Data is a currency: spend it wisely.
Chris McLaughlin, managing director, MIS AMS
Data is becoming a currency, but how do we get value from it? We leave trails of data wherever we go these days – each time we click on a website, or buy something, sign up to a newsletter or interact with an organisation, we produce data that, when aggregated and analysed can reveal trends about our behaviour. Used in the right way, providers can then deliver us personalised services we actually want – which of course, grows their profits. Win-win.
It’s a challenge the housing sector is coming to terms with tackling. Collecting data is one thing, using it to best effect in decision making within organisations is an entirely different challenge. As a whole, the sector is slightly behind the curve in terms of collecting and using data to predict trends and thus to deliver tailored housing association services for tenants.
So what can housing providers learn from building up data over time? What trends can they identify and how might that information help them to provide the ultimate housing solution for tenants? In 2015 a group of housing associations put their heads together and decided to pool their data in order to understand more wholly the trends within the sector. Small housing providers may only have around 1000-1500 assets that give a micro view of the market place as a whole. The housing charity HACT and a group of 16 housing providers with around 400,000 homes between them collaborated so that the volume of data would provide insights. Putting their heads together meant learning much more.
Rent arrears & repairs
When pooled in a vault in the cloud with strict security protocols so that residents data couldn’t be identified, the providers were able to cross reference rent arrears information about tenants with other sets of data such as geographical location, types of property and information about the tenants themselves in terms of how often they access services from their provider. This created a way to spot underlying issues that when highlighted early enough, could be addressed to reduce the number of tenants falling into arrears. Prevention is always better than cure. Predicting that tenants fitting a specific profile might default on their rent payments gives the provider an ability to stop it happening before it becomes a problem. It highlights those tenants that need the most support before they actually need it, and importantly for the provider, gives them a starting point that may help reduce rent arrears.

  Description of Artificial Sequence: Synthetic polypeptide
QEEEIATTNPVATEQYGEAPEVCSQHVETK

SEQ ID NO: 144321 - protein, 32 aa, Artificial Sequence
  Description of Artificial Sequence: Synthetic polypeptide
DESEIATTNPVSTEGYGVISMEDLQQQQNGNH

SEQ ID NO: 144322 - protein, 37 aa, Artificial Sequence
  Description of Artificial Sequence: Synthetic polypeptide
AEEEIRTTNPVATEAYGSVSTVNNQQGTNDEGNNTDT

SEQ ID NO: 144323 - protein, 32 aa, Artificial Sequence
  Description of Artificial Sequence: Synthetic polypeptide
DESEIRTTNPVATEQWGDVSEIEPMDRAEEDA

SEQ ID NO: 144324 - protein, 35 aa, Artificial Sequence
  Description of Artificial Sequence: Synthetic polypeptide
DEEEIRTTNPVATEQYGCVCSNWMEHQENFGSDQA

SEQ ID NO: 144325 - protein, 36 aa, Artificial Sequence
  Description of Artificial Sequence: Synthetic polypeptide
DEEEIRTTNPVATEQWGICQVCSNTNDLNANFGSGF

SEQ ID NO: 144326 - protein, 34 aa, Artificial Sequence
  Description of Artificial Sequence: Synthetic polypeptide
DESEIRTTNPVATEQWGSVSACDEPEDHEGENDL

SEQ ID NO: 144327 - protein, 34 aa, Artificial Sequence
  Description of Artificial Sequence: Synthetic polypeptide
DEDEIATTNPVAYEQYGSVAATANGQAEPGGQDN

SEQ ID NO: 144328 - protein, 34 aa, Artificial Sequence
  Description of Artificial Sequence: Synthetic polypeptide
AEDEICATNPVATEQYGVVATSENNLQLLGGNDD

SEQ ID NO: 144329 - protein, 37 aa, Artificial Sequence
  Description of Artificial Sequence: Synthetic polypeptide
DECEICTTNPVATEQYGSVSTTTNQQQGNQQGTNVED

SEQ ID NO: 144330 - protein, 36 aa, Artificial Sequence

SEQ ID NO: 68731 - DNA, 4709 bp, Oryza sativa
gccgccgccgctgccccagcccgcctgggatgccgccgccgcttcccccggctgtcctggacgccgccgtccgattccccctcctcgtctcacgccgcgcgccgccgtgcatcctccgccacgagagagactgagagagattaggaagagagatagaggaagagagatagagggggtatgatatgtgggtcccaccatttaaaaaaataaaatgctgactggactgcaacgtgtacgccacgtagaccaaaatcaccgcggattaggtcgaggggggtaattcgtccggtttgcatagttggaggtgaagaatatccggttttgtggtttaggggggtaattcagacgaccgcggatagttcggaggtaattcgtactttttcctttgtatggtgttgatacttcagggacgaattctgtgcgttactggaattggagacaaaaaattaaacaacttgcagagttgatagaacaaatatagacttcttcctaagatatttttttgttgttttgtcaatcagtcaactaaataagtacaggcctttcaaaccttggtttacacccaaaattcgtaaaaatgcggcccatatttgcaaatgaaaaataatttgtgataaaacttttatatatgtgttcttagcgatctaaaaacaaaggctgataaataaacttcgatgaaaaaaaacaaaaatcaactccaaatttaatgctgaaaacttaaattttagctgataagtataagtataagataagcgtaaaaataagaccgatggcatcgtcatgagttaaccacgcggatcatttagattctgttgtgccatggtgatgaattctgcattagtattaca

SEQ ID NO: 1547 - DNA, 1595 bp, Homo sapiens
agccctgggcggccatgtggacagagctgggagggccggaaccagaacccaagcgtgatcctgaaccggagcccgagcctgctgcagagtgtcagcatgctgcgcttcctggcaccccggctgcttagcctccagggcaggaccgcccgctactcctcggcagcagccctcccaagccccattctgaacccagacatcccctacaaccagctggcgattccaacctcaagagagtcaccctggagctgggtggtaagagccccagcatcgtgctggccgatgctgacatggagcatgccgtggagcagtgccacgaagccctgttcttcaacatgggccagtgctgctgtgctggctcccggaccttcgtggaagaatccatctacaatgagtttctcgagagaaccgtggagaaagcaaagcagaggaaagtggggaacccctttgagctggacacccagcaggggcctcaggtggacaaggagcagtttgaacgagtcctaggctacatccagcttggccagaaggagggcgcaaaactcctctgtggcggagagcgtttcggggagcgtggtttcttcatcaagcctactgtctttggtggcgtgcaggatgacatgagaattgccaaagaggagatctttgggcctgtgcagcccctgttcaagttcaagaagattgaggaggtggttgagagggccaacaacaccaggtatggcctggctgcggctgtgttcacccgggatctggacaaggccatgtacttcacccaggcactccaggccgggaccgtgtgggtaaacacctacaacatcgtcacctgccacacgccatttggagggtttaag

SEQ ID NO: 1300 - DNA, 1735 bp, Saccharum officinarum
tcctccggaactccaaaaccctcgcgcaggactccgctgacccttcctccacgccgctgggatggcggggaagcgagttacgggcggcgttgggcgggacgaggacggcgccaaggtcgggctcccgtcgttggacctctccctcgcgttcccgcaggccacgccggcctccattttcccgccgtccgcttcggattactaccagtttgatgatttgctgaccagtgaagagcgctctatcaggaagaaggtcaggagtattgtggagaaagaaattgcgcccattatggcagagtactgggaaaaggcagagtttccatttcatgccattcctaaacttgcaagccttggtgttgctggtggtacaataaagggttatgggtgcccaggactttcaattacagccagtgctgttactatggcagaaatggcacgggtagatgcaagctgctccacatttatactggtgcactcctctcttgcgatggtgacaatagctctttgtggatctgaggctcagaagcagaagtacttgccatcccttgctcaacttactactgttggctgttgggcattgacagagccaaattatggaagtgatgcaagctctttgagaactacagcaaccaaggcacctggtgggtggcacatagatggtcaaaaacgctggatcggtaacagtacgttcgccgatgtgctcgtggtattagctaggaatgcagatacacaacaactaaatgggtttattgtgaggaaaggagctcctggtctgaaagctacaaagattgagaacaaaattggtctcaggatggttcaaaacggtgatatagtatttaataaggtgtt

In the same way, predicting repairs in certain types of properties is finally becoming a reality. As we collect more data, it’s possible to determine in what type of property to invest in the future based upon return on investment and longevity of use. Some housing associations do a full stock review looking at what their costs are, consolidating any loans and validating repairs against the asset. If the rent collected is £50 per week and repairs cost more than £200 each month, housing associations are more able to decide what type of properties bring best return by accounting for the depreciation of their assets, and investing more wisely in the right type of properties going forward. For bigger associations it provides efficiency savings, but it’s not beyond the pale to suggest that for smaller associations analytics are increasingly important – especially those in deprived areas where there is very little room for manoeuvre in rent versus costs. Even down to the basics – when will the boiler need replacing, the house need a new roof, or the windows need updating – it’s all costs that stack up against the rent that’s collected, and ultimately leaves the association with difficult decisions to make. Predicting costs more accurately thanks to data analytics helps manage this before the costs are incurred and allows a change in strategy to counteract them.